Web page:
The growth of the EU shellfish sector is going through a stagnation period. Global competition, water saturation, lack of phytoplankton, technical difficulties, intense predation are among the main challenges, preventing this industry to reach its full potential.
To overcome those obstacles, OpenMode project is proposing floating connectable modules for intensive mussels farming in open waters made of Ultra-High Performance Concrete (UHPC). UHPC is inorganic, light, compact and does not require coatings, thus assuring no impact on water quality. Moreover, while traditional wooden platforms last on average 15 years with regular maintenance, OpenMode floating platforms in UHPC can last up to 50 years without maintenance.
Remote sensors control on-site parameters such as water, weather and structure conditions, as well as harvest growth, reducing therefore monitoring and operating costs. These tailor-made modules have been tested in the west coast of Denmark (Limfjorden), in Croatia (Zadar region), Montenegro (Bay of Kotor) and in Spain (Galicia), where local farmers harvest molluscs and microalgae, and learn through trainings how to avoid predation, achieve more phytoplankton and scale-up their businesses.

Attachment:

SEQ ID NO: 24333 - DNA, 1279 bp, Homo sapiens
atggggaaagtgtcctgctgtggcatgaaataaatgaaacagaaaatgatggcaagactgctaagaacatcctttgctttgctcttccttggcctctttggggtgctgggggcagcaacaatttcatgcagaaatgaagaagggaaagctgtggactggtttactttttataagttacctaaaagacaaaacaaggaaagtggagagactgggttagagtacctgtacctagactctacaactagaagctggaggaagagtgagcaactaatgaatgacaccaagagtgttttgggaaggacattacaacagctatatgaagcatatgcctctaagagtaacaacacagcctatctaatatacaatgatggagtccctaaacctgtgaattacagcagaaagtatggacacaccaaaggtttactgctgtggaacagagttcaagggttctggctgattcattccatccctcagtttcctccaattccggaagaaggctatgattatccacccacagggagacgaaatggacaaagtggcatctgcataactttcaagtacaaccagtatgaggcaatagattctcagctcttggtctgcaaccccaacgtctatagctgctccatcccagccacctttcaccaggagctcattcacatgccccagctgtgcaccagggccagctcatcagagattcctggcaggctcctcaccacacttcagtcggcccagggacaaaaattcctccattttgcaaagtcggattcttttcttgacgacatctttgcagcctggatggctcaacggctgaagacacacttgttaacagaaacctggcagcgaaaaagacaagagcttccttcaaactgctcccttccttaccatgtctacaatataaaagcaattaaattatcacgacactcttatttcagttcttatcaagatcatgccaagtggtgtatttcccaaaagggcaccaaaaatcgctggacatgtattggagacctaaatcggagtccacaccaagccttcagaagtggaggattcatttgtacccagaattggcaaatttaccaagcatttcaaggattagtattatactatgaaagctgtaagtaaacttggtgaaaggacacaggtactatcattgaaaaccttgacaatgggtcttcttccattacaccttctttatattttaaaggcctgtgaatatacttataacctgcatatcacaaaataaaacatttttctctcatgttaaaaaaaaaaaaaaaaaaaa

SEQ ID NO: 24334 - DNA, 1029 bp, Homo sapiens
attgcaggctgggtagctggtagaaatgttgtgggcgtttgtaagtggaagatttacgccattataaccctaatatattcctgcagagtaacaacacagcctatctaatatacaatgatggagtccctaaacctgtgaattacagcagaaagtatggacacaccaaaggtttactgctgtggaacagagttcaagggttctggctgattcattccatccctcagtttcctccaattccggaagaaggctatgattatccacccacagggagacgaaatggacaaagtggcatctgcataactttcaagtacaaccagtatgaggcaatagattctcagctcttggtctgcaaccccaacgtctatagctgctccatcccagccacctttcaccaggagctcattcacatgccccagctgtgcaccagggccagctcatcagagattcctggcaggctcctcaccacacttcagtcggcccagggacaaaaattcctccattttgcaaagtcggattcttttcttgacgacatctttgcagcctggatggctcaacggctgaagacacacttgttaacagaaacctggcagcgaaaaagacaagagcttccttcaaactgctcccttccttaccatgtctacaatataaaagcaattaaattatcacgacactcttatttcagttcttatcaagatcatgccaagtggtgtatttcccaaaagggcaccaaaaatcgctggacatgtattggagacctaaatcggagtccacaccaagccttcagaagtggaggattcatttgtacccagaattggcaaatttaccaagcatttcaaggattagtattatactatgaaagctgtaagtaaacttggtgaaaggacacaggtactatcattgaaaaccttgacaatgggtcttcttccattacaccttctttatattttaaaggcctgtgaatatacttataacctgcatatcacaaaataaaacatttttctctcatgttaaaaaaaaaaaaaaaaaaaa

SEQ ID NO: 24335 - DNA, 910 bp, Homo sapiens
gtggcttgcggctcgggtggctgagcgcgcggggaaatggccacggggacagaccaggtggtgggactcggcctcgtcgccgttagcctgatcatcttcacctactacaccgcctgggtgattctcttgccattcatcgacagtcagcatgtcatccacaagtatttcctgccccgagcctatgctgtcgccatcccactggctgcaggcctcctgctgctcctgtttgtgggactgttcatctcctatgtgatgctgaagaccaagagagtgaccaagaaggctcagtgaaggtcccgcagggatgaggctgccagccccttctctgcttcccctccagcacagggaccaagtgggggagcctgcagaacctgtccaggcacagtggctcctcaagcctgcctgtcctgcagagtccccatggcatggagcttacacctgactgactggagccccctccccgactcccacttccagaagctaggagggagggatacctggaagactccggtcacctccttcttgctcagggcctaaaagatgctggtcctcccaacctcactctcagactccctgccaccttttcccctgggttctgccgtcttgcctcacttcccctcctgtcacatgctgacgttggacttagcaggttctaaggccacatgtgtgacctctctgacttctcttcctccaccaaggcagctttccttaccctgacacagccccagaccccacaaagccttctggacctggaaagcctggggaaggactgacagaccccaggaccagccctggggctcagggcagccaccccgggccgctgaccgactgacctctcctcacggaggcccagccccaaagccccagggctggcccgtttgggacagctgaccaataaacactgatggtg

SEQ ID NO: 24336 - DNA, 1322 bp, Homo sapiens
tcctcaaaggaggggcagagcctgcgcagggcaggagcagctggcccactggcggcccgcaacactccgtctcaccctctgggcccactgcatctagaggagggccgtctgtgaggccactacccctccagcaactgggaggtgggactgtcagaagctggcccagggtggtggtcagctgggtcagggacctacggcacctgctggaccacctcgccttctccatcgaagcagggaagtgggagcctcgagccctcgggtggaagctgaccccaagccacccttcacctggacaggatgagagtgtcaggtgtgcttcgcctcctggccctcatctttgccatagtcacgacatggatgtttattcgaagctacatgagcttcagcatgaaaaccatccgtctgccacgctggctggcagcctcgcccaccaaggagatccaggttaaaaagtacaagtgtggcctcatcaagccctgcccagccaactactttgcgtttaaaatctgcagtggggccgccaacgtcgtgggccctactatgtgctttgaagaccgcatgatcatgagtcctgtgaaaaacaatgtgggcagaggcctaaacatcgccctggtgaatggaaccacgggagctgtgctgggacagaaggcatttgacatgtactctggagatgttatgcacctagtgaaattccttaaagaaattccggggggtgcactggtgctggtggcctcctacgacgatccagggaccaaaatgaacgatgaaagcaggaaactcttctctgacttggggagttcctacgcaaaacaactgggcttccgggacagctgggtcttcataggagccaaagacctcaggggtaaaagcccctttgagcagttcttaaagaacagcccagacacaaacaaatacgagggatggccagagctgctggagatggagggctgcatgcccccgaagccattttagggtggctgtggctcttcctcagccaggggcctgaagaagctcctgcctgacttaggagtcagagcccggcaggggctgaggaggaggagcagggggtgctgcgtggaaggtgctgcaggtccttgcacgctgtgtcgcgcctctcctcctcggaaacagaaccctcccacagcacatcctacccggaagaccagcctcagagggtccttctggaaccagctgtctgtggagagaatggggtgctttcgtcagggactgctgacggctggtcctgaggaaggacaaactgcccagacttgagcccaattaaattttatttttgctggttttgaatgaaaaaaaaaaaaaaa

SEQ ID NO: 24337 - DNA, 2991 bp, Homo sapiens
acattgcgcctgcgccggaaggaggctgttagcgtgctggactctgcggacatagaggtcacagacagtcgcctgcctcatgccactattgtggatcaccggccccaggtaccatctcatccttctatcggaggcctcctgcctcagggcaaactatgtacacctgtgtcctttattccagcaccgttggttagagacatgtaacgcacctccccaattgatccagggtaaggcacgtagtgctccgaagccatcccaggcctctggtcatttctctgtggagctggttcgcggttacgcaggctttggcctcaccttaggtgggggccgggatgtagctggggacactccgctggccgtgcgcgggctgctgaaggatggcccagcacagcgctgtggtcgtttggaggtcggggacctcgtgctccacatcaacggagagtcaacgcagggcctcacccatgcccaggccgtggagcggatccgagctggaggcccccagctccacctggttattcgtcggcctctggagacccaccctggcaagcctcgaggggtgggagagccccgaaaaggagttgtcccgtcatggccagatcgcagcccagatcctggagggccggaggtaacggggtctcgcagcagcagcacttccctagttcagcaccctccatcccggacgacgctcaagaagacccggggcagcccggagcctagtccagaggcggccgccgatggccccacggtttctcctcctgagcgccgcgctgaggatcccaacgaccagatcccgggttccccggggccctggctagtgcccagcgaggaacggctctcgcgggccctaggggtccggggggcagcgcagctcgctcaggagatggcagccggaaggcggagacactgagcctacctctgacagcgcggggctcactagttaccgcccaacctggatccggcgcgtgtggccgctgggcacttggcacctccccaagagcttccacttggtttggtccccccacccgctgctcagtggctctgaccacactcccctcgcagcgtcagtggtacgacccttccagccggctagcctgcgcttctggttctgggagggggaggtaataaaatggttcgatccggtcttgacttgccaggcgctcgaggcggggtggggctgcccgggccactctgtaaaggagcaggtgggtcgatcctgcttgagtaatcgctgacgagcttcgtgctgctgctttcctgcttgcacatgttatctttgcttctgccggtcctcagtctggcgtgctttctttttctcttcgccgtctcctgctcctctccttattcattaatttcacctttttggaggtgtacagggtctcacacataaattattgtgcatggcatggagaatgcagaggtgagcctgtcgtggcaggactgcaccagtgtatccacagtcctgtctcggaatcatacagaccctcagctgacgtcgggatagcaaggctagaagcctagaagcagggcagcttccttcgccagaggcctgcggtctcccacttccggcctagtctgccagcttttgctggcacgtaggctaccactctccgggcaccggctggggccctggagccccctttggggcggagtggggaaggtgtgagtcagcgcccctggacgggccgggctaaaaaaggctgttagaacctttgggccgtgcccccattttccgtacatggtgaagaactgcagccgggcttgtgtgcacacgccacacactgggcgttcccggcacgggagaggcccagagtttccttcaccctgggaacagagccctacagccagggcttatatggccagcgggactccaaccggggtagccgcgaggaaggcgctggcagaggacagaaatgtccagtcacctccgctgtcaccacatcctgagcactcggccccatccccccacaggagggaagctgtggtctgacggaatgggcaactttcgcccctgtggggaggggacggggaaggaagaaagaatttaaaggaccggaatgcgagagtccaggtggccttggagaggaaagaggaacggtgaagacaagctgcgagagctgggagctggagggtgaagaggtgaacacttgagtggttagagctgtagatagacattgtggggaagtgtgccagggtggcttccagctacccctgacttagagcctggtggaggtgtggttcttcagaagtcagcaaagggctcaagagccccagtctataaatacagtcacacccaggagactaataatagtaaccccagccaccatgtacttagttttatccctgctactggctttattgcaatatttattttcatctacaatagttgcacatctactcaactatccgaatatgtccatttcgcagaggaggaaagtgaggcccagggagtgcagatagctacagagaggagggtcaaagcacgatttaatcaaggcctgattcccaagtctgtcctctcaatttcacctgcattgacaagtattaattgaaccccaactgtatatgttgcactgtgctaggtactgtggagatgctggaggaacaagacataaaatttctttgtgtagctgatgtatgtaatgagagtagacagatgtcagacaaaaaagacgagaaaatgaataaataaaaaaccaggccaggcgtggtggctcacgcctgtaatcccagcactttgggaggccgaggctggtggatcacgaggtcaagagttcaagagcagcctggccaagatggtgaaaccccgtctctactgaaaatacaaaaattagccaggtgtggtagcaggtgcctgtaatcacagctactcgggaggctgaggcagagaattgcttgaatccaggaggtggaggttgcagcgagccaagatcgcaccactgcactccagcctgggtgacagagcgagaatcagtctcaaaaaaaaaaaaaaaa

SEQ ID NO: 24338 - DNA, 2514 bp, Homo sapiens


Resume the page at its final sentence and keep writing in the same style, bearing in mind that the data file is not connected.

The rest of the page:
Do you want to see in practice how the modules work? Check the online training.
OpenMode floatable modules can become an efficient tool to boost coastal community economies and limit, for example, eutrophication in the North and Baltic Seas. The shell of a shellfish absorbs carbon as it grows and mussels filter and improve water quality, proving shellfish aquaculture can be beneficial to the environment. On a longer-term perspective, this system can trigger major investments in concerned coastal regions, generating new jobs in the whole shellfish value chain (purification, processing, packaging and labelling industries).
If the tests prove to be successful, OpenMode structures could be replicated in other regions in Greece, Italy, South of Spain, up to the Atlantic open waters off Africa, or in countries bordering the Baltic Sea. Larger mollusc production could be exported outside national borders, and less renowned species, such as Croatian oysters or mussels could be rediscovered.
To know more about the tests, please check this page.
The project participated at the European Maritime Day event on 20 May 2021 as a speaker in Pitch Stage I "Bringing Blue/Green innovation to market".
The project pitch can be followed here at minute 32:25.